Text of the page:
Denver's police chief Gerry Whitman admitted Monday afternoon that a police officer shot and killed the wrong man after he allegedly pointed a "silver object" at the officer -- an object that turned out to be a soda can.
A policeman cordones off a section of a building as investigators look into an officer-involved shooting.
The Denver officer was responding to a domestic violence call at the South Lincoln Housing Project Sunday evening after Kathy Sandoval reported that her boyfriend, Vincent Martinez, who had assaulted her earlier in the evening, was back in their home.
"According to Ms. Sandoval, Martinez had been holding her against her will for 17 hours, during which time he repeatedly assaulted her and would not let her leave the home," Whitman said.
When Martinez fell asleep, Sandoval apparently left the apartment and called police, Whitman said.
When officers arrived at the complex, at 1234 West 10th Ave., they could not get inside and no one was responding to knocks on the door. Officers called in the fire department to help and using a fire department ladder, officers climbed in through an open second-story window in the back of the apartment. They opened a closed bedroom door and in the darkness, saw a man inside hold up a silver object.
"According to officers involved in the shooting, when the door was opened, the man in bed, inside the room, moved suddenly while displaying what the officer believed to be a firearm in his hand. In response to the movement, the officer fired one shot, hitting the victim," Whitman said.
The 63-year-old man was shot once in the left chest. The officers then heard a clink on the floor and learned that the "silver object" the man was holding was not a weapon but a can of soda, Whitman said.
The man was transported to Denver Health Medical Center where he died as a result of his injuries. The Rocky Mountain News
identified the victim as Frank Lobato. Police say he was sharing the home with Sandoval and her boyfriend.
Vincent Martinez broke his legs after jumping out of a second-story window.
Martinez, 42, remains at large. He is wanted for investigation of false imprisonment, third-degree assault and domestic violence. Police are asking for the public's help to find Martinez, who is described as 5 feet tall and approximately 200 pounds.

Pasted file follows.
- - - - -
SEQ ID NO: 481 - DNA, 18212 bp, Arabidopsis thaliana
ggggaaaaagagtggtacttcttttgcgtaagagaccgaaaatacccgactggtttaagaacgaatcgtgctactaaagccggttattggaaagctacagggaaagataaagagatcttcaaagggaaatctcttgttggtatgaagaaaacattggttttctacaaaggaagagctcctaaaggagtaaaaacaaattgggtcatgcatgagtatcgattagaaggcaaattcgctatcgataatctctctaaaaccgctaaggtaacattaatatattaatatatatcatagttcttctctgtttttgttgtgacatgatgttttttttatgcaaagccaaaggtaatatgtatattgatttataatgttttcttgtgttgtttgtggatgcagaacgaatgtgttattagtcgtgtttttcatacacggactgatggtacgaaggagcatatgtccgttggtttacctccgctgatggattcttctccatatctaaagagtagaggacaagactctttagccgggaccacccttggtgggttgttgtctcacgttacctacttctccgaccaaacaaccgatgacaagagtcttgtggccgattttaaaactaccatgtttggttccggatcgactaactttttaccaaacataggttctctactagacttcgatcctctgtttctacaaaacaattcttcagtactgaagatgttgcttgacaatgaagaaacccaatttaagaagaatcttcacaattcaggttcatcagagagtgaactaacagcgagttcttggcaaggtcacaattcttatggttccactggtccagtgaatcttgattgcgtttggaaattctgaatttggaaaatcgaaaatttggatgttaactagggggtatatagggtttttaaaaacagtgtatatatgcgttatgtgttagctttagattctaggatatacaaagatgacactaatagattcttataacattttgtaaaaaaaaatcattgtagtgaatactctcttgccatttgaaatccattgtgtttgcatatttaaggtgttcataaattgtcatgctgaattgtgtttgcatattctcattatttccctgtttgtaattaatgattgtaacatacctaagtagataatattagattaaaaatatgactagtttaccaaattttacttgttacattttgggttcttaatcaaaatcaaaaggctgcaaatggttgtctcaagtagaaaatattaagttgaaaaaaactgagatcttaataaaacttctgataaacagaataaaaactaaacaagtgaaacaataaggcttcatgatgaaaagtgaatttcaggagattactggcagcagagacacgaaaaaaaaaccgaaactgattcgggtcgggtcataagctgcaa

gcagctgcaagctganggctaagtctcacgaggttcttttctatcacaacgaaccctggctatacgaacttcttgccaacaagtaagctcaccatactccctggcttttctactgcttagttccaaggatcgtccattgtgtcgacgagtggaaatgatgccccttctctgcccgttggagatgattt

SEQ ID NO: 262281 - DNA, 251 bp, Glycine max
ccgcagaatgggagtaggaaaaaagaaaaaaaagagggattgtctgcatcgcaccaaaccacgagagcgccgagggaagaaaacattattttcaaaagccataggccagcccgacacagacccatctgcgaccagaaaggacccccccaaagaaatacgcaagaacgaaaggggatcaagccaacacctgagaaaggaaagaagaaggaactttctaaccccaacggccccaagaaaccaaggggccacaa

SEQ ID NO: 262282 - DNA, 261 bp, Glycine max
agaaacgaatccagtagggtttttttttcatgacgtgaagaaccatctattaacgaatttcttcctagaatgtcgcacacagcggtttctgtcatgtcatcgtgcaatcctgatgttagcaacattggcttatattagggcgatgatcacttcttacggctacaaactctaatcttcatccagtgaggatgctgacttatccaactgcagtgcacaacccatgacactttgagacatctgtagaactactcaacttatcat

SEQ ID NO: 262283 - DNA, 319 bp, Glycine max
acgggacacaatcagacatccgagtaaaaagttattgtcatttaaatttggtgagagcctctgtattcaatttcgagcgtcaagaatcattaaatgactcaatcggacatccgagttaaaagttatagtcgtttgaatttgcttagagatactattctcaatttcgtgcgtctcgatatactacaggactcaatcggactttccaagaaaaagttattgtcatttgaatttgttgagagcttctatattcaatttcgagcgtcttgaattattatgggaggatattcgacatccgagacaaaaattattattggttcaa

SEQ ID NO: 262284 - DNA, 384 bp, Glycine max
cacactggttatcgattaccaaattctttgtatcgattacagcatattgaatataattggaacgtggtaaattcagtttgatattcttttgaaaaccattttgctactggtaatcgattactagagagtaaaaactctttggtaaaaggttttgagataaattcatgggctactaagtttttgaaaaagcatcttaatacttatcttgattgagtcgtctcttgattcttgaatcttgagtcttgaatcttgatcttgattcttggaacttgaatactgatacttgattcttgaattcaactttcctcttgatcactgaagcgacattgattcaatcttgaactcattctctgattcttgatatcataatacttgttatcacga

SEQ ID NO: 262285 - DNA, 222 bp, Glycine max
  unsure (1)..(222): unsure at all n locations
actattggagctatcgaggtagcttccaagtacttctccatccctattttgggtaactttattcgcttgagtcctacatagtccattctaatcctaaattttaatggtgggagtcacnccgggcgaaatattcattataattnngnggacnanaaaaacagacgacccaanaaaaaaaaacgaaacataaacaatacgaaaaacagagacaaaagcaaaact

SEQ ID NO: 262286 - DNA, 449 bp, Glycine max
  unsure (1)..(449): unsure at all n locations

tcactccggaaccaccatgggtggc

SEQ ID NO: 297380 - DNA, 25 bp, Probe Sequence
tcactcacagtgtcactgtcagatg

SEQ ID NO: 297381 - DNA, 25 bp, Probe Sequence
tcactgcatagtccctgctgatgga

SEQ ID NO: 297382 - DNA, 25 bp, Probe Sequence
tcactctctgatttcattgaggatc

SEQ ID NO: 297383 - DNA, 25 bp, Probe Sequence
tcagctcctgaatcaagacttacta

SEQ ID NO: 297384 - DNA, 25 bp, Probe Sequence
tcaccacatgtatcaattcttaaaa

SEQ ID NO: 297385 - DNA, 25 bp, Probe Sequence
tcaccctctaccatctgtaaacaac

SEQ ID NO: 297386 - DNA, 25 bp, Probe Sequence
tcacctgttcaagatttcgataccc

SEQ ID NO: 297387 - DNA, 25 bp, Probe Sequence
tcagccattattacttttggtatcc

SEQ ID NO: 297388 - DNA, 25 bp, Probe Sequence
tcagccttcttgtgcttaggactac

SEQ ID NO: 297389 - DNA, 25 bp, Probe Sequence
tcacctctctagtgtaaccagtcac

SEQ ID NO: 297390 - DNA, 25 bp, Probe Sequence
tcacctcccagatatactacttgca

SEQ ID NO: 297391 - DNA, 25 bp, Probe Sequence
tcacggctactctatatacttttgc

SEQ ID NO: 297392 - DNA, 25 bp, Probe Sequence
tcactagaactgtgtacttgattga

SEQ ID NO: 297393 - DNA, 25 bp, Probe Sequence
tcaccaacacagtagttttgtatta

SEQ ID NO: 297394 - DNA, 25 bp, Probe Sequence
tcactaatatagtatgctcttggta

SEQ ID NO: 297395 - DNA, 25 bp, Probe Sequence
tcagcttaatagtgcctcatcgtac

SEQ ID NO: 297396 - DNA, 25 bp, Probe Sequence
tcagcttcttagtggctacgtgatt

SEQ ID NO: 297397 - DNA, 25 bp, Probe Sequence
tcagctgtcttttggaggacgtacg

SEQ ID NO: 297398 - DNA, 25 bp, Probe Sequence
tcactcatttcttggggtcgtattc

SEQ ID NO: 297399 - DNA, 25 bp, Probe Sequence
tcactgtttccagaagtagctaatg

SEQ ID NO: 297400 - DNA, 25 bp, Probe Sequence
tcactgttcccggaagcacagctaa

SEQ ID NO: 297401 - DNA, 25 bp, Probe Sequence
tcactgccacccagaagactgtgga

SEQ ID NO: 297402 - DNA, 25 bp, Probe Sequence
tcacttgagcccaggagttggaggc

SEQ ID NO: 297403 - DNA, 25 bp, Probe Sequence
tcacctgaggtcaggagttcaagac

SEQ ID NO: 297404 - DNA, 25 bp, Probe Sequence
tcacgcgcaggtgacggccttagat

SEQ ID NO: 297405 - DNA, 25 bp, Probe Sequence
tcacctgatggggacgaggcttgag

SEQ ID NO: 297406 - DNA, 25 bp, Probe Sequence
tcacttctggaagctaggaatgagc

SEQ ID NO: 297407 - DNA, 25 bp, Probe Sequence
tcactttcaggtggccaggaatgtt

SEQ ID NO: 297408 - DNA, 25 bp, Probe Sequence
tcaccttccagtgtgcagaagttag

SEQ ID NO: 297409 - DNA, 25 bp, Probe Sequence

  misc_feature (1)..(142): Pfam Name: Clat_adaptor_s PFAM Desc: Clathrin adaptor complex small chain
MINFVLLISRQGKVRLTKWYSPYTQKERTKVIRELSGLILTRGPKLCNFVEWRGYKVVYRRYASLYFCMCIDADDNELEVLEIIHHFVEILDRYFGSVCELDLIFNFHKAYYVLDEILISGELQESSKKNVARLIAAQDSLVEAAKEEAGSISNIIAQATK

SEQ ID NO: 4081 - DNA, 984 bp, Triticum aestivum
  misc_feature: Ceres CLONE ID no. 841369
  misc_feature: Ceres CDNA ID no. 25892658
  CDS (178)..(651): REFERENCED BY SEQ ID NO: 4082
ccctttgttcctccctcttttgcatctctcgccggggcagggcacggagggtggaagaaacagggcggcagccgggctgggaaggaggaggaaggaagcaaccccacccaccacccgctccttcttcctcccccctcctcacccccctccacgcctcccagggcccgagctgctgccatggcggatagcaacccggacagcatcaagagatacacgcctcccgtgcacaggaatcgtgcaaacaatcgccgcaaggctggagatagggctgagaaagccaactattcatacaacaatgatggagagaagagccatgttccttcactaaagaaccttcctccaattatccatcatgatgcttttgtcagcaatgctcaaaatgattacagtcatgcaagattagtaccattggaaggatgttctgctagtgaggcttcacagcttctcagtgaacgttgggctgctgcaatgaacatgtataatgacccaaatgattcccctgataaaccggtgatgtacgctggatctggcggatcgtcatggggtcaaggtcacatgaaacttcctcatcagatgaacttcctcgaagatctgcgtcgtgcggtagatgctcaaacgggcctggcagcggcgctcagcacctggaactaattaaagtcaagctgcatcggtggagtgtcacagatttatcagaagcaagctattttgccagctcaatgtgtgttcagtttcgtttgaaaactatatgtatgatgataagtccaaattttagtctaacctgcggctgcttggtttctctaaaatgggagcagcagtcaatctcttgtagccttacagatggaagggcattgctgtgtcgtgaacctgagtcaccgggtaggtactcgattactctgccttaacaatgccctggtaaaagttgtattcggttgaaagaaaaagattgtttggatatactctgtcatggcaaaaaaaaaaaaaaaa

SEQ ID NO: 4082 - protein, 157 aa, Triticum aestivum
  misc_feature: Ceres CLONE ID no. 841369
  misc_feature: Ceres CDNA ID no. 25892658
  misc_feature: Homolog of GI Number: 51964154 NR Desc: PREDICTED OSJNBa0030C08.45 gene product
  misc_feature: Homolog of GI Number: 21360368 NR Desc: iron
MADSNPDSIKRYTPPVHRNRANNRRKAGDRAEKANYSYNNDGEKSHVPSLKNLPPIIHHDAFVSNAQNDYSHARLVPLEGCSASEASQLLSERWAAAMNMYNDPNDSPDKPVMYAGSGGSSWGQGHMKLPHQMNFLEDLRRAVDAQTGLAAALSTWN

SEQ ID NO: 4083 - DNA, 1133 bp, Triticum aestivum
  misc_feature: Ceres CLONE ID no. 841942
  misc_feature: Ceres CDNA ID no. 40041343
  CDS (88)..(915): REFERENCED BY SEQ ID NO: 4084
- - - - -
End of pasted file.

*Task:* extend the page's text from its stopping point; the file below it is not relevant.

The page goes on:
The officer-involved shooting occurred about one hour after the initial 911 call. Neighbors say Martinez had jumped out the back window and fled when officers arrived at the scene.
The officer who fired his weapon -- identified as Ranjan Ford Jr. -- and two others involved have been placed on administrative leave pending the outcome of an internal investigation. Ford has been with the police department since 2001.
Whitman would not say if the officers had a warrant to enter the home.
Denver District Attorney Bill Ritter said he will review the police investigation and determine if charges should be filed, if a grand jury should look at the case, or if Ford should be cleared. Ritter said the process could take a few weeks if not longer.
Denver Mayor John Hickenlooper issued the following statement concerning the shooting:
"This situation involves two tragedies: a brutal case of domestic violence and a loss of life. For the past year, (Denver) has focused on training and equipment to reduce risks to both civilians and police officers; that focus will continue. In the meantime, we commend the police chiefs openness, honesty and prompt release of the facts of this incident as we await the results of the District Attorneys investigation. We will continue to invest resources in the training and equipment necessary to uphold the publics safety and that of our officers."
There have been four officer-involved shootings in Denver in the past year. Three have been fatal.
- June 24, 2004: Task Force Recommends Changes To Police Department's Use Of Force
- May 25, 2004: Settlement Reached Between Denver, Paul Childs' Family
- May 11, 2004: Man In Fatal Police Shootout Identified
- May 10, 2004: Suspect Killed In Thornton Police Shooting
- April 28, 2004: Report On Police Reform, Use Of Force Delayed
- April 19, 2004: Police Protest Officer's Suspension
- April 16, 2004: Police Union Angry With Officer's Suspension
- April 14, 2004: Denver Officer To Find Out His Punishment For Killing Teen
- April 12, 2004: Suits Over Excessive Police Force Costing Denver $6.5 Million
- March 17, 2004: Denver Police Shoot 19-Year-Old Man To Death
- January 16, 2004: No Charges Filed Against Police In Suspect Shooting
- December 16, 2003: Denver Mayor Announces Sweeping Police Reforms
- December 12, 2003: Officer Cleared In Fatal Shooting Resigns
- December 4, 2003: Man Killed By Police During Prostitution Sting
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